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To meet me at the consecrated fount,
Duke. Convenient is it: Make a swift return:
[Exit. Isab. [within]. Peace, ho, be here!
Duke. The tongue of Isabel :-She's come to know,
Isab. The better given me, by so holy a man.
Duke. He hath released him, Isabel, from the world; His head is off, and sent to Angelo.
Isab. Nay, but it is not so.
Duke. It is no other:
Isab. O, I will to him, and pluck out his eyes.
Isab. Unhappy Claudio! Wretched Isabel !
Duke. This nor hurts him, nor profits you a jot:
Isab. I am directed by you.
* Your heart's desire.
Before the duke; and to the head of Angelo
Duke. Not within, Sir.
Lucio. O, pretty Ísabella, I am pale at mine heart, to see thine eyes so red : thou must be patient: I am fain to dine and sup with water and bran; I dare not for my head fill my belly; one fruitful meal would set me tot: But they say the duke will be here to-morrow. By my troth, Isabel, I loved thy brother: if the old fantastical duke of dark corners had been at home, he had lived.
[Exit ISABELLA. Duke. Sir, the duke is marvellous little beholden to your reports; but the best is, he lives not in them.
Lucio. Friar, thou knowest not the duke so well as I do: he's a better woodman than thou takest him for.
Duke. Well, you'll answer this one day. Fare ye well.
Lucio. Nay, tarry; I'll go along with thee; I can tell thee pretty tales of the duke.
Duke. You have told me too many of him already, Sir, if they be true; if not true, none were enough.
Lucio. I was once before him for getting a wench with child. Duke. Did you such a thing ?
Lucio. Yes, marry, did I: but was fain to forswear it; they would else have married me to the rotten medlar.
Duke. Sir, your company is fairer than honest : Rest you well.
Lucio. By my troth, I'll go with thee to the lane's end: If bawdy talk offend you, we'll have very little of it: Nay, friar, I am a kind of burr, I shall stick.
(Exeunt. SCENE IV.-A Room in ANGELO's House.
Enter ANGELO and ESCALUS. Escal. Every letter he hath writ hath disvouch'dt other. Ang. In most uneven and distracted manner. His actions show much like to madness: pray heaven, his wisdom be not tainted! And why meet him at the gates, and re-deliver our authorities there?
Escal. I guess not.
Ang. And why should we proclaim it in an hour before his entering, that, if any crave redress of injustice, they should exhibit their petitions in the street?
Escal. He shows his reason for that: to bave a despatch of complaints; and to deliver us from devices hereafter, which shall then have no power to stand against us. Ang. Well, I beseech you, let it be proclaim'd:
Betimes i' the morn, I'll call you at your house :
we would, and we would not. [Exit. SCENE V.-Tields without the Town. Enter DUKE in his own habit, and Friar PETER. Duke. These letters at fit time deliver me. [Giving letters. The provost knows our purpose, and our plot. The matter being afoot, keep your instruction, And hold you ever to our special drift; Though sometimes you do blench|| from this to that, As cause doth minister. Go, call at Flavius' house, And tell him where I stay: give the like notice, To Valentinus, Rowland, and to Crassus, And bid them bring the trumpets to the gate; But send me Flavius first. F. Peter. It shall be speeded well.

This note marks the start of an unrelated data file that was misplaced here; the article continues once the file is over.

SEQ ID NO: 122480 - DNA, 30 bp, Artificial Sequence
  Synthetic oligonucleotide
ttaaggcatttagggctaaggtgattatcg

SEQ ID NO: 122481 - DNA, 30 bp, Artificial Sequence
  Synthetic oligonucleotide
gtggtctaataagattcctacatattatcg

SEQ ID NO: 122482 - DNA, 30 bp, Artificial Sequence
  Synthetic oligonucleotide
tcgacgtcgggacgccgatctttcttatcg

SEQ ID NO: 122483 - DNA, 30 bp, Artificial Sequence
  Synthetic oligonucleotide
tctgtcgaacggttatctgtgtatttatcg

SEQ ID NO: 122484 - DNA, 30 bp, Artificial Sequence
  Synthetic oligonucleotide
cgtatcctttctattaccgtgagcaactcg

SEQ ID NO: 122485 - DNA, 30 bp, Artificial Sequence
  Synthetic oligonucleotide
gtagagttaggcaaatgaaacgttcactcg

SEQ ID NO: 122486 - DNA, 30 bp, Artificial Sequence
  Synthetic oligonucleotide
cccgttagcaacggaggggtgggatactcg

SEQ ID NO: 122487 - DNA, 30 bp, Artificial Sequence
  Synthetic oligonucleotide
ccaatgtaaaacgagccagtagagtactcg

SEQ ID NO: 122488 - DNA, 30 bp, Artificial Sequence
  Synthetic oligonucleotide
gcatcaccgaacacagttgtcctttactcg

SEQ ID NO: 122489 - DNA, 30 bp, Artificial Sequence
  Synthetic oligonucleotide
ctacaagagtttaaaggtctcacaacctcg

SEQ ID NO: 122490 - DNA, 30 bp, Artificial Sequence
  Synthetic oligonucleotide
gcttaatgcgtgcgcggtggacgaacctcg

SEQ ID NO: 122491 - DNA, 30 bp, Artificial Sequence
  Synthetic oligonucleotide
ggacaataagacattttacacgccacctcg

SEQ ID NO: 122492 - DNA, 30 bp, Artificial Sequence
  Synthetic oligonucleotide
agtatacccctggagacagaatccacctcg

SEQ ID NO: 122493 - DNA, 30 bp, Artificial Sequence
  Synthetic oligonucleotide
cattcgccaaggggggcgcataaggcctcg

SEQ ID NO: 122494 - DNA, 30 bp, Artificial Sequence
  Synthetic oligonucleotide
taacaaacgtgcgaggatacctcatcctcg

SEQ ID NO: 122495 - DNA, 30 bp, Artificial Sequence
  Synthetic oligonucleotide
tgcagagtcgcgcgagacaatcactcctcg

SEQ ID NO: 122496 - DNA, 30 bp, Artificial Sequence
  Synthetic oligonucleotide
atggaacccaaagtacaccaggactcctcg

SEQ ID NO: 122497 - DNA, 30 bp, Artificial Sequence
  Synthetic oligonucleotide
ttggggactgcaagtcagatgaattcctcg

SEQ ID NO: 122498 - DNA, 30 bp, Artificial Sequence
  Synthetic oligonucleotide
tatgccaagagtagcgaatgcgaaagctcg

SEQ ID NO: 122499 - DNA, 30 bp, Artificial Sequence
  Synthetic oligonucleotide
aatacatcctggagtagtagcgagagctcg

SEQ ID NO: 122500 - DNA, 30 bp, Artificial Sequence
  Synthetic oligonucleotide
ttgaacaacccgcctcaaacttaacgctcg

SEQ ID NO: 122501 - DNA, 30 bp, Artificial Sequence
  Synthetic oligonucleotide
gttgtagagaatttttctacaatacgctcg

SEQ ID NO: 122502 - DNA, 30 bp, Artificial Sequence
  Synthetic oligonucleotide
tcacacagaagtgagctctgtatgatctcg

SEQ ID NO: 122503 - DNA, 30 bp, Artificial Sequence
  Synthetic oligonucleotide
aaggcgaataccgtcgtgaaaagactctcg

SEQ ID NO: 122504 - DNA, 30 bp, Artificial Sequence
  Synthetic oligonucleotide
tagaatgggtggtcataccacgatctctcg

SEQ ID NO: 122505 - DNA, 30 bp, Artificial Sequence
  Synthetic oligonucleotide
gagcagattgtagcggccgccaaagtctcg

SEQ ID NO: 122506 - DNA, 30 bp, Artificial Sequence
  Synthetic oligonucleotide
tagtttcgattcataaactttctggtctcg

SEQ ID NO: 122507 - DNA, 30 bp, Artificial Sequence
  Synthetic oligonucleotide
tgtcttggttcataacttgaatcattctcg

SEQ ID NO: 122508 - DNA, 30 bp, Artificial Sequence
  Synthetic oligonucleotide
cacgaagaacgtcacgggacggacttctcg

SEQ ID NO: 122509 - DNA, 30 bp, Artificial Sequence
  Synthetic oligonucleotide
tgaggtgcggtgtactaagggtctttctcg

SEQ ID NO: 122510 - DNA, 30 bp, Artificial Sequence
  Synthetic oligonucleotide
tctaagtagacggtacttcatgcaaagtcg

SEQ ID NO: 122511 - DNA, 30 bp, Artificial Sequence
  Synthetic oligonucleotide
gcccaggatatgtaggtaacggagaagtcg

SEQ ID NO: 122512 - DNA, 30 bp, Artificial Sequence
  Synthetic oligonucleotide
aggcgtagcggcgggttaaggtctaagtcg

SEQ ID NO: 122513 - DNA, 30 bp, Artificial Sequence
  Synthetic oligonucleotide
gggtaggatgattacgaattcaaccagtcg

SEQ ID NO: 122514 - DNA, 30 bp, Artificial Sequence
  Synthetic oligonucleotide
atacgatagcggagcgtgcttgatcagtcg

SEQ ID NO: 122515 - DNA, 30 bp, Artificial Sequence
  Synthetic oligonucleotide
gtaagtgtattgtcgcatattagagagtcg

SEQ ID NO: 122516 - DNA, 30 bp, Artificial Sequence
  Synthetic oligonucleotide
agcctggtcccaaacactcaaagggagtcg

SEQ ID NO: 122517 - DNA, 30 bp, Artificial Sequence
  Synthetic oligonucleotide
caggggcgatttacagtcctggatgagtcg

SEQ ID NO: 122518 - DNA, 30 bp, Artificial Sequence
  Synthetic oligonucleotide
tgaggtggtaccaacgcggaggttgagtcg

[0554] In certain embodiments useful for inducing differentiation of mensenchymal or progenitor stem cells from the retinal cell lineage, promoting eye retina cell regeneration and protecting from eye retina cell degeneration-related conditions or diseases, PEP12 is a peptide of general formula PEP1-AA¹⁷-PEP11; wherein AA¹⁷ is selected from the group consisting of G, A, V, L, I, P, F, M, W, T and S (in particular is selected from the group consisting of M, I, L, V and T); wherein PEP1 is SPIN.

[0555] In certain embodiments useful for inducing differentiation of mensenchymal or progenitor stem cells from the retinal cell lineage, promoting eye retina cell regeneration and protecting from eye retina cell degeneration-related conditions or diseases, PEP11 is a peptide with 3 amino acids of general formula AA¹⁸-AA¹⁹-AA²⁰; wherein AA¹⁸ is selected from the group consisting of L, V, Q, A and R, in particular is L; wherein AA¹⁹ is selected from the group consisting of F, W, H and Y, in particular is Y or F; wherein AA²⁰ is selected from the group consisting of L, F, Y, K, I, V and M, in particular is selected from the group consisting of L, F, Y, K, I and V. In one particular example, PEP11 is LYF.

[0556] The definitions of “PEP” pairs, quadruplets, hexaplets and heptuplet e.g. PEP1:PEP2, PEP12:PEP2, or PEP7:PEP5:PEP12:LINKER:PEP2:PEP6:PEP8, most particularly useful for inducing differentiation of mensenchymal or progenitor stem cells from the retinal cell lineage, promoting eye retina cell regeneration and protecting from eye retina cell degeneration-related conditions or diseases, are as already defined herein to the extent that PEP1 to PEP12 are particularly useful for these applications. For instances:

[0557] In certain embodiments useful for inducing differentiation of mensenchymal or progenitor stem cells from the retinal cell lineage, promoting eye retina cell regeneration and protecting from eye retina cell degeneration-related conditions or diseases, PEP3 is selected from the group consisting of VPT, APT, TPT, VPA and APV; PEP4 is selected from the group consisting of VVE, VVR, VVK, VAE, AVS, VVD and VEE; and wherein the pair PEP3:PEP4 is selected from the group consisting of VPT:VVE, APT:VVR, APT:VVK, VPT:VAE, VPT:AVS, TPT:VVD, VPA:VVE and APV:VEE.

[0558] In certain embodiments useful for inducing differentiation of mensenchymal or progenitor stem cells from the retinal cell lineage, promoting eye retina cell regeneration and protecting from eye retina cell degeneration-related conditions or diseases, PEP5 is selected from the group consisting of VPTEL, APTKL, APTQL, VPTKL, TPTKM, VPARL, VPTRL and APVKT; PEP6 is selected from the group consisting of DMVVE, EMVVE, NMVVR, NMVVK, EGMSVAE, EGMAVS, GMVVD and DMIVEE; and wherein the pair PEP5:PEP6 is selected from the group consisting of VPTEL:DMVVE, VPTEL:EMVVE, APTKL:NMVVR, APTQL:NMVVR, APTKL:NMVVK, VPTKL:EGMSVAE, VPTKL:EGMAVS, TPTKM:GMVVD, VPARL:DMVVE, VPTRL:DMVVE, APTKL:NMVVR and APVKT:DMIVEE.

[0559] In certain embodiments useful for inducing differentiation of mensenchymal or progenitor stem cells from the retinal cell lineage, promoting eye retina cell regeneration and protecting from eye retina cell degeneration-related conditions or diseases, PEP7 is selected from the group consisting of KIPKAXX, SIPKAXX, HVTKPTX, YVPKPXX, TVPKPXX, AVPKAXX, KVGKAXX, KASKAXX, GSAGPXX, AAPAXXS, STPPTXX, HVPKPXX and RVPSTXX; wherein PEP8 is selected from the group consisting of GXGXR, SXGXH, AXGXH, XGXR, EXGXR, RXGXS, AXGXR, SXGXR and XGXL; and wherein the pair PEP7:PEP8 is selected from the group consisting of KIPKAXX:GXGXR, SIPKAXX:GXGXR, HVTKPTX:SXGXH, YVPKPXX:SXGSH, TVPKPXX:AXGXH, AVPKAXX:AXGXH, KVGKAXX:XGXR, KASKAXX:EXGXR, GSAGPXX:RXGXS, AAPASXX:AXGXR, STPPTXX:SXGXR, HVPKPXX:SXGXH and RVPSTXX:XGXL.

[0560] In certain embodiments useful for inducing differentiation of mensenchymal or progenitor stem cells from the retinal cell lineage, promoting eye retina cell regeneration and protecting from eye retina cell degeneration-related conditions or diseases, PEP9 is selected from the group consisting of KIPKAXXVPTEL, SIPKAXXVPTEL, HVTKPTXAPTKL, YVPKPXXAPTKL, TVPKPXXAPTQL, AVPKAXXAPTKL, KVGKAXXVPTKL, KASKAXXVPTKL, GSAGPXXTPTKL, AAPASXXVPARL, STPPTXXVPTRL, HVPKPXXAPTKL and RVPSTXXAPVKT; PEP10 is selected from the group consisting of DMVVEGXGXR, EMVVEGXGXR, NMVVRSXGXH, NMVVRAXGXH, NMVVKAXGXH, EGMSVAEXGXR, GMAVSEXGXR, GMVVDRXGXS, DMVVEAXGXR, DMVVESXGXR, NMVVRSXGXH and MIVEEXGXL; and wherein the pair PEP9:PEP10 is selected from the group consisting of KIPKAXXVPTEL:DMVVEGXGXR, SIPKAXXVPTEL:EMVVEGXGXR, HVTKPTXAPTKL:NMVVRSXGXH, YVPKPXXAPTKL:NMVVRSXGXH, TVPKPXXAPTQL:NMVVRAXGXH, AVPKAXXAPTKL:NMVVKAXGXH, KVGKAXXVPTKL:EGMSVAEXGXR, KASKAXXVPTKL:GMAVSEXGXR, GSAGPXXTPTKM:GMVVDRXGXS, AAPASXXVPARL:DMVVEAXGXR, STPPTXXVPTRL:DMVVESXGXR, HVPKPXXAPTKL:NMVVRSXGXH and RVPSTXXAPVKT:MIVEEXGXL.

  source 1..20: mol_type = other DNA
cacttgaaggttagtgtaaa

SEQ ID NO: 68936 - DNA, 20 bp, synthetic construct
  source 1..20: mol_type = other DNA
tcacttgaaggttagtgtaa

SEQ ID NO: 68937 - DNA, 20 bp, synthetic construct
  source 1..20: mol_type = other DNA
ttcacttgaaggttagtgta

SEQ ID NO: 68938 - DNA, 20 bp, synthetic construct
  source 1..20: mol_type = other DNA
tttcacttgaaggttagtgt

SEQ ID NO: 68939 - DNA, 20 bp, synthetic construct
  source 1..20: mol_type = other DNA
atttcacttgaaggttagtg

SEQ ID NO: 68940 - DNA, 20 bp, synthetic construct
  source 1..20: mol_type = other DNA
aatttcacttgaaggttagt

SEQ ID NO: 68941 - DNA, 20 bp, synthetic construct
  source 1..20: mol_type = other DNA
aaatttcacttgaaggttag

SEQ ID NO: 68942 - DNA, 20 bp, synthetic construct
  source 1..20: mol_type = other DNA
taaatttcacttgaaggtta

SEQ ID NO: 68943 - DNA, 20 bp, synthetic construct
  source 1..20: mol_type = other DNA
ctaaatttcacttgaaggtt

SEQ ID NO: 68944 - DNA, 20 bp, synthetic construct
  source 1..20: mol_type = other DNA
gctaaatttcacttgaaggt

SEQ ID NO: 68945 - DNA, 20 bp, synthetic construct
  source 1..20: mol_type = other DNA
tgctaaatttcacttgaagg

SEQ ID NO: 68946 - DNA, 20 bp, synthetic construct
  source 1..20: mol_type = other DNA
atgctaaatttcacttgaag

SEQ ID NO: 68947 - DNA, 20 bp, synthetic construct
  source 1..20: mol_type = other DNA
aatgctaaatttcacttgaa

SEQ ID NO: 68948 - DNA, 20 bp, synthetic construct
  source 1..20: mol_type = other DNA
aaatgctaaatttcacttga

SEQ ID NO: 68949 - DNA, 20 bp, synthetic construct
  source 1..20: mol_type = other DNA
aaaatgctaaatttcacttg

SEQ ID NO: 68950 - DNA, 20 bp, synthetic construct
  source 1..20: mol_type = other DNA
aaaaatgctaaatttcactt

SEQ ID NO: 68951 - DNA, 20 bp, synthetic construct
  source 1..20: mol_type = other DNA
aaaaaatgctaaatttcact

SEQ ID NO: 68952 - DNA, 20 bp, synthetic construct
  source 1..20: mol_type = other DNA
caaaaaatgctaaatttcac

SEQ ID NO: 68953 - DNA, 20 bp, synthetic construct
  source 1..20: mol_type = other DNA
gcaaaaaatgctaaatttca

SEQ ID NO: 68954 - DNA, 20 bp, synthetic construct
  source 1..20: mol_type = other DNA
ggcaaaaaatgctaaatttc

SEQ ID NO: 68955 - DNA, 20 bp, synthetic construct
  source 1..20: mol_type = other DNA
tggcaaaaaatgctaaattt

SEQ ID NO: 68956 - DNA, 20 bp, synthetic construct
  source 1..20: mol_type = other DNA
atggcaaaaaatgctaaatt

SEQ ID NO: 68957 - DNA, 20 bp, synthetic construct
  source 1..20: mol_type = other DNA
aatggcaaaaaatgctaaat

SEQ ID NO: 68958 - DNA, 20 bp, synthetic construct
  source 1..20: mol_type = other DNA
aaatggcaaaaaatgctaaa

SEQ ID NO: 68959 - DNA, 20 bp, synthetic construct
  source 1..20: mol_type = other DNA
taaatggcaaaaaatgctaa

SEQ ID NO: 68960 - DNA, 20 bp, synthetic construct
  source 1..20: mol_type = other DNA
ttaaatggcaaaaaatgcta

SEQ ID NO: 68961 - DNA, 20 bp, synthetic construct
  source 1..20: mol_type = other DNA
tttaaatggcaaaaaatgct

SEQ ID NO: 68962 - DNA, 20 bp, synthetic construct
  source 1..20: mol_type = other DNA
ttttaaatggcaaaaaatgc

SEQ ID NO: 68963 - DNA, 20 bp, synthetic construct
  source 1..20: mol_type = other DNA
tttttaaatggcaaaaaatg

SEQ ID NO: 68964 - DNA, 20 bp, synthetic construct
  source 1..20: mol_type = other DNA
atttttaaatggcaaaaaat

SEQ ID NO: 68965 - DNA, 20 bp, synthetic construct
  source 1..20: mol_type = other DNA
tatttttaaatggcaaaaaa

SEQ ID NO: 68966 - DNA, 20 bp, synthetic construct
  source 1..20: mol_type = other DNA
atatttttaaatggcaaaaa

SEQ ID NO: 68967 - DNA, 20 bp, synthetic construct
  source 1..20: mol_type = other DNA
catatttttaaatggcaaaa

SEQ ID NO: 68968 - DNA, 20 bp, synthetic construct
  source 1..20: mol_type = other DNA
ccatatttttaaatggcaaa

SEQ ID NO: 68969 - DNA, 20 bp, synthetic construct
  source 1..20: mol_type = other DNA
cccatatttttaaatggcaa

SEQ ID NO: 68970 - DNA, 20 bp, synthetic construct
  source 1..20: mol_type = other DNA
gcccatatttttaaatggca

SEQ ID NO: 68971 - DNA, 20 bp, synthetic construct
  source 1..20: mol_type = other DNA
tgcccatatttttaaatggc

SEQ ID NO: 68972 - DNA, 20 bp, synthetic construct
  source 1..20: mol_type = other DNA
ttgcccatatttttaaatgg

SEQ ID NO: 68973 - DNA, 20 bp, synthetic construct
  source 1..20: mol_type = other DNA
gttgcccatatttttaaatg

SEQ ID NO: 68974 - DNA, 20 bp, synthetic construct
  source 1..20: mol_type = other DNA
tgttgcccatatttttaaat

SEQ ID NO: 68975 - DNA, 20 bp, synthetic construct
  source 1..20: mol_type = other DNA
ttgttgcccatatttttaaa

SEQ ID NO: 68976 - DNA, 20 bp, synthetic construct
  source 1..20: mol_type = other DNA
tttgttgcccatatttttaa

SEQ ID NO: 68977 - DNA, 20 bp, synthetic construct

T.Exit FRIAR. Enter VARRIUS. Duke. I thank thee, Varrius; thou hast made good haste : Come, we will walk : There's other of our friends Will greet us here anon, my gentle Varrius.
[Exeunt. SCENE VI.-Street near the City Gate.
Enter ISABELLA and MARIANA.
Mari. Be ruled by him.
† Calls, challenges her to do it.
I should not think it strange; for 'tis a physic,
Mari. I would, friar Peter-
Enter Frar PETER.
ACT V. SCENE I.-A public Place near the City Gate. MARIANA (veiled), ISABELLA, and PETER, at a distance. Enter
at opposite doors, DUKE, VARRIUS, Lords ; ANGELO, ESCALUS, LUCIO, PROVOST, Officers and Citizens.
Duke. My very worthy cousin, fairly met:
Ang. and Escal. Happy return be to your royal grace !
Duke. O, your desert speaks loud; and I should wrong it,
PETER and ISABELLA come forward.
Isab, Justice, O royal duke? Vail your regard Upon a wrong d, I'd fain have said,
a maid ! O worthy prince, dishonour not your eye By throwing it on any other object, Till you have heard me in my true complaint, And give me justice, justice, justice, justice! Duke. Relate your wrongs : In what? By whom? Be brief: * Advantage
+ Most noble. # Seized.
Here is lord Angelo shall give you justice;
Isab. O, worthy duke,
Ang. My lord, her wits, I fear me, are not firm:
Isab. By course of justice !
Duke. Nay, ten times strange.
Isab. It is not truer he is Angelo,
Duke. Away with her :-Poor soul,
Isab. O prince, I conjure thee, as thou believ'st
Duke. By mine honesty,
Isab. O, gracious duke,
Duke. Many that are not mad,
Isab. I am the sister of one Claudio, Condemn'd upon the act of fornication
* Habits and characters of office.